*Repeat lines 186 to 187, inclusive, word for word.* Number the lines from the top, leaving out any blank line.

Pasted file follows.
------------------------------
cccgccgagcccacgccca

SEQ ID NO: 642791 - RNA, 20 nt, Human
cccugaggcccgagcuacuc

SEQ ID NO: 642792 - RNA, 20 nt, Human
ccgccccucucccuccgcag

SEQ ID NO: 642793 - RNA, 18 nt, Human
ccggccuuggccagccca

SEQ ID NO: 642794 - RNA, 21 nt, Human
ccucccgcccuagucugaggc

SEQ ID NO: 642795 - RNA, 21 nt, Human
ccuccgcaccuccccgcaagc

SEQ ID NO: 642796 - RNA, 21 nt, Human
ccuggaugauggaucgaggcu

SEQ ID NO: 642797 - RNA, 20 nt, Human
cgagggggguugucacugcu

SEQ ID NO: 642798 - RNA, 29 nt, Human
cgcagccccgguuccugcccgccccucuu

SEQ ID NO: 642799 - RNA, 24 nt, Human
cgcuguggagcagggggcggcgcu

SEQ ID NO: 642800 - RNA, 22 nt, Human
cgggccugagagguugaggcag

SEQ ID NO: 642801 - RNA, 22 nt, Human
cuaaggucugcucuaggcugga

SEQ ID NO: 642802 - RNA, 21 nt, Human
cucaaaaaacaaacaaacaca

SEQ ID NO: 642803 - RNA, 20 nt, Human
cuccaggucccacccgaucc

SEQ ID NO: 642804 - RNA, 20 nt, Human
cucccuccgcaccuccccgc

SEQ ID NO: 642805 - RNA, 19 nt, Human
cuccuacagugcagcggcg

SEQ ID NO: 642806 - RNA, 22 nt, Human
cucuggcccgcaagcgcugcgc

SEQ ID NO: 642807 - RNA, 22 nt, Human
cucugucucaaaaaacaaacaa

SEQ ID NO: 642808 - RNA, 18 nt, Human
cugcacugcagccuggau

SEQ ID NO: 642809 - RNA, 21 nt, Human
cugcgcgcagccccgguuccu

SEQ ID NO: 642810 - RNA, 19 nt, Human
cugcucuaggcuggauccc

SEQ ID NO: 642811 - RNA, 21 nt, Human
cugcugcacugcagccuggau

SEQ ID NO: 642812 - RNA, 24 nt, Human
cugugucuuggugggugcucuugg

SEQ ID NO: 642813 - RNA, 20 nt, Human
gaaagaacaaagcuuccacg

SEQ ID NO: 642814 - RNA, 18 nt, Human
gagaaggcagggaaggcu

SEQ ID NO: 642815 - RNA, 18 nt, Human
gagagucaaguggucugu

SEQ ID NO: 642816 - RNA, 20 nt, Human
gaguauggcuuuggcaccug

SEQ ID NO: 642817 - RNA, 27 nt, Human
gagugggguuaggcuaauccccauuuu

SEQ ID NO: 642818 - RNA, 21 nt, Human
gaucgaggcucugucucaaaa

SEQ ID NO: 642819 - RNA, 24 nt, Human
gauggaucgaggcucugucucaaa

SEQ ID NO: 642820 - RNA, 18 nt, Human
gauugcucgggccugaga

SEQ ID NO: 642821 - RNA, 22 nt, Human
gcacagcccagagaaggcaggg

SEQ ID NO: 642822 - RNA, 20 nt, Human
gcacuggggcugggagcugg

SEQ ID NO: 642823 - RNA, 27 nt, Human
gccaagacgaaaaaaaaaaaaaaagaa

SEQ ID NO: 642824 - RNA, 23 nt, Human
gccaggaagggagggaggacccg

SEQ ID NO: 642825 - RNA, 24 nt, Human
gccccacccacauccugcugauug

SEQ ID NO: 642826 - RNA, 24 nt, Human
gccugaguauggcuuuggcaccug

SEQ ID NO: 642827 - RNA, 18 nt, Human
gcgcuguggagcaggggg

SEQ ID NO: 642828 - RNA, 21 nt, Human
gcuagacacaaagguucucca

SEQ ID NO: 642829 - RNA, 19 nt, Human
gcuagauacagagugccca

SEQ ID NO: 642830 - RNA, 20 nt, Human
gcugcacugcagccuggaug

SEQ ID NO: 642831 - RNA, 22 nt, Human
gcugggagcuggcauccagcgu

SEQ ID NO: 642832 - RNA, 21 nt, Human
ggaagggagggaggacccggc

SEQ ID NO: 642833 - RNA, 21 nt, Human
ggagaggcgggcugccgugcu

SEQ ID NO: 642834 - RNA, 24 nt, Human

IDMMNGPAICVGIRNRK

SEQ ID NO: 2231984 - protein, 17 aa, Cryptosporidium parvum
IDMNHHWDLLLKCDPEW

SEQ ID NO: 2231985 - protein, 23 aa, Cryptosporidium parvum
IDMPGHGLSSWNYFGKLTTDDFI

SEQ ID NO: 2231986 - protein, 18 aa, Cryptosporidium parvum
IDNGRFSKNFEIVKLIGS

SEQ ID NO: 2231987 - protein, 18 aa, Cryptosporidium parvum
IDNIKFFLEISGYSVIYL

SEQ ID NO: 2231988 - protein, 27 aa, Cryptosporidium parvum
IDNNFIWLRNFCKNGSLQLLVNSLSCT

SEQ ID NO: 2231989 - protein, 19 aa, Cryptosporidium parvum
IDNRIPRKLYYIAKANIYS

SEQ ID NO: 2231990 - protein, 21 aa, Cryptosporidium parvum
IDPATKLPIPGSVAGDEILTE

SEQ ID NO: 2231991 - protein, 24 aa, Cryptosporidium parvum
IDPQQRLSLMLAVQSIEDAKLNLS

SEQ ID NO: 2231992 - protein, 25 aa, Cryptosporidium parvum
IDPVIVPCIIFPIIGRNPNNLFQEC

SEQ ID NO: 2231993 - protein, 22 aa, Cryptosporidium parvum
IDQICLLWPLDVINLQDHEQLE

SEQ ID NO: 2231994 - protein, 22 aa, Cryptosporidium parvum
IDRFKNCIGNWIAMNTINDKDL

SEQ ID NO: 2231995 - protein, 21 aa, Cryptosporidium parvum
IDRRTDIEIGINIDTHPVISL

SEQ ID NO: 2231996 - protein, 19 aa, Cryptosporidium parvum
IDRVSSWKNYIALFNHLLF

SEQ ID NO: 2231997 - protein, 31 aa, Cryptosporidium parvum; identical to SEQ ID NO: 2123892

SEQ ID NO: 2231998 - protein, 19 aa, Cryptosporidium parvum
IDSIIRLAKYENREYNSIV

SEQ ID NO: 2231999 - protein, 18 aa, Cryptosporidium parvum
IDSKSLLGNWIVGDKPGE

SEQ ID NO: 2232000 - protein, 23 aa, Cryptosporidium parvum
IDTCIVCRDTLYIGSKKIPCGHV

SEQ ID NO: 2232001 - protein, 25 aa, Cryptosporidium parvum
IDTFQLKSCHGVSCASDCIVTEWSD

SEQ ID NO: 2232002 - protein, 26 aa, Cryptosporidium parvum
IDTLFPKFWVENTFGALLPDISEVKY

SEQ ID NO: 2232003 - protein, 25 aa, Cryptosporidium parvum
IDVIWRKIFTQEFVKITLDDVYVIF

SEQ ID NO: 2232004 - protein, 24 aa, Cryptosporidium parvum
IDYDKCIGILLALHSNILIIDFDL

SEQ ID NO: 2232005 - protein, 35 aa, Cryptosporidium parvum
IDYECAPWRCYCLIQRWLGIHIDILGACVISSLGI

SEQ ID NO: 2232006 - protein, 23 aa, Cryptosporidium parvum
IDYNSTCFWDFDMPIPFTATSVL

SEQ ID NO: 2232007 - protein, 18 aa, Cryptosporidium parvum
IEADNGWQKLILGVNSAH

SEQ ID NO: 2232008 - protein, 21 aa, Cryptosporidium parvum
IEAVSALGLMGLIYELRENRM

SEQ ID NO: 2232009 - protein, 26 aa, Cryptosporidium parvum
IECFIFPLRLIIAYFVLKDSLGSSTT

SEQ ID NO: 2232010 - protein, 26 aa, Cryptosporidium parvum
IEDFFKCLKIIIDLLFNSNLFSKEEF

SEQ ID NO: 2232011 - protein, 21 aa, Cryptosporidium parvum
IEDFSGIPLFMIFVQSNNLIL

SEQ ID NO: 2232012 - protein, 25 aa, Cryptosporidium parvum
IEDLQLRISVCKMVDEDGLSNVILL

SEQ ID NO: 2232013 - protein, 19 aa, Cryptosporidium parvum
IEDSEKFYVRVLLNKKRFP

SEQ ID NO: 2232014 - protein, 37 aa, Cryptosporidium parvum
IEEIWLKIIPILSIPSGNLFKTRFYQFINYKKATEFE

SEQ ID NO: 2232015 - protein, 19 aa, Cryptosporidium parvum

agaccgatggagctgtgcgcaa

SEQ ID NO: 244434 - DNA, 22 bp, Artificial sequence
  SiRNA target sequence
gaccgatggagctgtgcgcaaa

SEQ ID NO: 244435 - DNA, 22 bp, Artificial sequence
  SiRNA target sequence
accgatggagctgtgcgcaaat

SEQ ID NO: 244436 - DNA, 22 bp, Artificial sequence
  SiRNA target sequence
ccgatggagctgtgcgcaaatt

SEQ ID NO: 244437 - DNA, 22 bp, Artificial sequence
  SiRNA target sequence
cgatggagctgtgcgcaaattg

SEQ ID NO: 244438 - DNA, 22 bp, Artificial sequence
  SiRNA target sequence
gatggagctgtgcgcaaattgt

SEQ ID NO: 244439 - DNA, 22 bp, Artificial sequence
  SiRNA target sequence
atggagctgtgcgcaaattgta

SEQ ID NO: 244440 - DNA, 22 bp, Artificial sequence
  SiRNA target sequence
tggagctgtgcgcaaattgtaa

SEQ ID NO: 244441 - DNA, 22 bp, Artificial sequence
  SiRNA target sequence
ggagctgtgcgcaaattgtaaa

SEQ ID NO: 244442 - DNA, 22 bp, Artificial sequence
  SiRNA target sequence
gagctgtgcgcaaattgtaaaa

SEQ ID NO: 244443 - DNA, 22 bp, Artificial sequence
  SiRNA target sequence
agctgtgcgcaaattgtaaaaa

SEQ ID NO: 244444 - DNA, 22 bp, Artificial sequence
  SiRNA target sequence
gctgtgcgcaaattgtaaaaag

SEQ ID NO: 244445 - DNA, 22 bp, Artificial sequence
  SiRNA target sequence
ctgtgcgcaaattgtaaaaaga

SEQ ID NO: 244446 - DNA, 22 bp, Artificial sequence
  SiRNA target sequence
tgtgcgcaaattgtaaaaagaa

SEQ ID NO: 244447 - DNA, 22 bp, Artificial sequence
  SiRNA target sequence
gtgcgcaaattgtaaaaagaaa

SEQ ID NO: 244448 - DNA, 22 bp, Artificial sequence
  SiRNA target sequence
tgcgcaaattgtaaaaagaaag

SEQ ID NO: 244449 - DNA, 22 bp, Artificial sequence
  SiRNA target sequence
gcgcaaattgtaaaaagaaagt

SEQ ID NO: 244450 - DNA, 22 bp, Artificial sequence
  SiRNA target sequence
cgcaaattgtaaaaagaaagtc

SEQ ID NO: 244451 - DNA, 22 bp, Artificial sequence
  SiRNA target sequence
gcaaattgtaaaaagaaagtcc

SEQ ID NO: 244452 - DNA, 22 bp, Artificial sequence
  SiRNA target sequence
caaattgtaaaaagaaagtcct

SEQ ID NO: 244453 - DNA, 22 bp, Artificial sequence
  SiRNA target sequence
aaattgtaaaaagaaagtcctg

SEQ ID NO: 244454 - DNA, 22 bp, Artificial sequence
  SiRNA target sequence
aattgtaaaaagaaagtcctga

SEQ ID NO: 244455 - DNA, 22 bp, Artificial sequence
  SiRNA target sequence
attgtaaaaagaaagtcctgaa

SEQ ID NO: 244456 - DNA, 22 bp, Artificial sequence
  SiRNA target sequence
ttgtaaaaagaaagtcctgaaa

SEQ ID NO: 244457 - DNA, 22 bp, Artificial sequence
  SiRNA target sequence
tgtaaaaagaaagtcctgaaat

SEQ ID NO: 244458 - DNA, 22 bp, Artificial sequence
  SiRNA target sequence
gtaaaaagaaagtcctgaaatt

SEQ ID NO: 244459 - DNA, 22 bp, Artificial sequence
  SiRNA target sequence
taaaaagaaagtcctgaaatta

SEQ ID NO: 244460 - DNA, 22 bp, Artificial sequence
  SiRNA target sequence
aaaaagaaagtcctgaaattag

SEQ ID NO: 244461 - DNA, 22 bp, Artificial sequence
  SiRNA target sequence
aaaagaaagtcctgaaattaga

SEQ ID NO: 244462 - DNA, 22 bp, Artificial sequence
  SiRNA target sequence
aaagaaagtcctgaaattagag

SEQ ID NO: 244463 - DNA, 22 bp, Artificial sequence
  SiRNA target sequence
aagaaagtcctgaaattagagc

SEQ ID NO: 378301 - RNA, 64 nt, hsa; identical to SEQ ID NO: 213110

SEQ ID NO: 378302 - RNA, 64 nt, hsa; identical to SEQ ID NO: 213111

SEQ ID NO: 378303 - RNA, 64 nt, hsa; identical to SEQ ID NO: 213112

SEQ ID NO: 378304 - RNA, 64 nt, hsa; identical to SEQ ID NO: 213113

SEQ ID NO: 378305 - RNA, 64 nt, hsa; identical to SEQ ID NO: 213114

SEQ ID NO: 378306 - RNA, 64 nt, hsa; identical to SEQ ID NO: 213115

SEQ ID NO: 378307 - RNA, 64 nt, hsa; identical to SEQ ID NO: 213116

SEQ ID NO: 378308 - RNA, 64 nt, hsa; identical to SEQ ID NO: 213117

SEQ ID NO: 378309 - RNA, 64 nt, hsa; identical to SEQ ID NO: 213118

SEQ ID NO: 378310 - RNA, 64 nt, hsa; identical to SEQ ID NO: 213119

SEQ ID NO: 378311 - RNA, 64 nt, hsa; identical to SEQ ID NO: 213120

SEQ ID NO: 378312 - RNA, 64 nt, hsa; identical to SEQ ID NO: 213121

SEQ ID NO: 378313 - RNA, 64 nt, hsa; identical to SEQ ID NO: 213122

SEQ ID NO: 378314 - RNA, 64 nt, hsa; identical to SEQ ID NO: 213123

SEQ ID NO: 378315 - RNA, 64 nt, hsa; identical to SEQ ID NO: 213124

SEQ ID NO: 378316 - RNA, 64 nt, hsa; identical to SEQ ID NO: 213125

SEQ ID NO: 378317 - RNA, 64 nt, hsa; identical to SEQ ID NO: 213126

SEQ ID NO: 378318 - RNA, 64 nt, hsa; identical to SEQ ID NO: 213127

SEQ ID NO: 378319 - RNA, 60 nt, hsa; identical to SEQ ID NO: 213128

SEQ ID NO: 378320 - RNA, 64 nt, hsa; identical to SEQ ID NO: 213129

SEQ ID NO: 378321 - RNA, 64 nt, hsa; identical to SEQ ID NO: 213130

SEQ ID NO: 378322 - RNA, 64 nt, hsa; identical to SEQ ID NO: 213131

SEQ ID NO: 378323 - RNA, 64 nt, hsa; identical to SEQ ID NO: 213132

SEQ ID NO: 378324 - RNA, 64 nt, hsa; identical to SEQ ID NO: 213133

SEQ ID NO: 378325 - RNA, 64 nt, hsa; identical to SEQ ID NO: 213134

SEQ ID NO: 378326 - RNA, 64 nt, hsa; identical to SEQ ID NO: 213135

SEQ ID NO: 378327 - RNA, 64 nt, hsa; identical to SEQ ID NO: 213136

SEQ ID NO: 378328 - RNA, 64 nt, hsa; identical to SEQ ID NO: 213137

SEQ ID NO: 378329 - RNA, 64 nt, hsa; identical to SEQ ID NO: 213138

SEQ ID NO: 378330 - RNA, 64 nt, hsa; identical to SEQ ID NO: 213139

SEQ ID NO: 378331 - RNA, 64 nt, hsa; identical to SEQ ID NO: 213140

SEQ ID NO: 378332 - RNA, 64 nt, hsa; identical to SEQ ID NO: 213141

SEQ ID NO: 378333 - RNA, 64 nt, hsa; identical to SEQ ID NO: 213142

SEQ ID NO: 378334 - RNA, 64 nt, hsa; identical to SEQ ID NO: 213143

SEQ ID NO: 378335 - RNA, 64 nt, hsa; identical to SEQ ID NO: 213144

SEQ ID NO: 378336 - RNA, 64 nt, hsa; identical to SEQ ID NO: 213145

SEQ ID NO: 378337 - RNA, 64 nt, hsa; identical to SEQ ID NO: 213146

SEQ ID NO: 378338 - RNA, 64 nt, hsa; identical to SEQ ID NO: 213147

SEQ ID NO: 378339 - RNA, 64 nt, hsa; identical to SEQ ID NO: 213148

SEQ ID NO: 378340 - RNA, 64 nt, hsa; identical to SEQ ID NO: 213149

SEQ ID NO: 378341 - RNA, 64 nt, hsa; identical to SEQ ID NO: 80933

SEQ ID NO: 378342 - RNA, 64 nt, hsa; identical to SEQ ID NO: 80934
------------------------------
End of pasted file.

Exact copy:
SEQ ID NO: 244445 - DNA, 22 bp, Artificial sequence
  SiRNA target sequence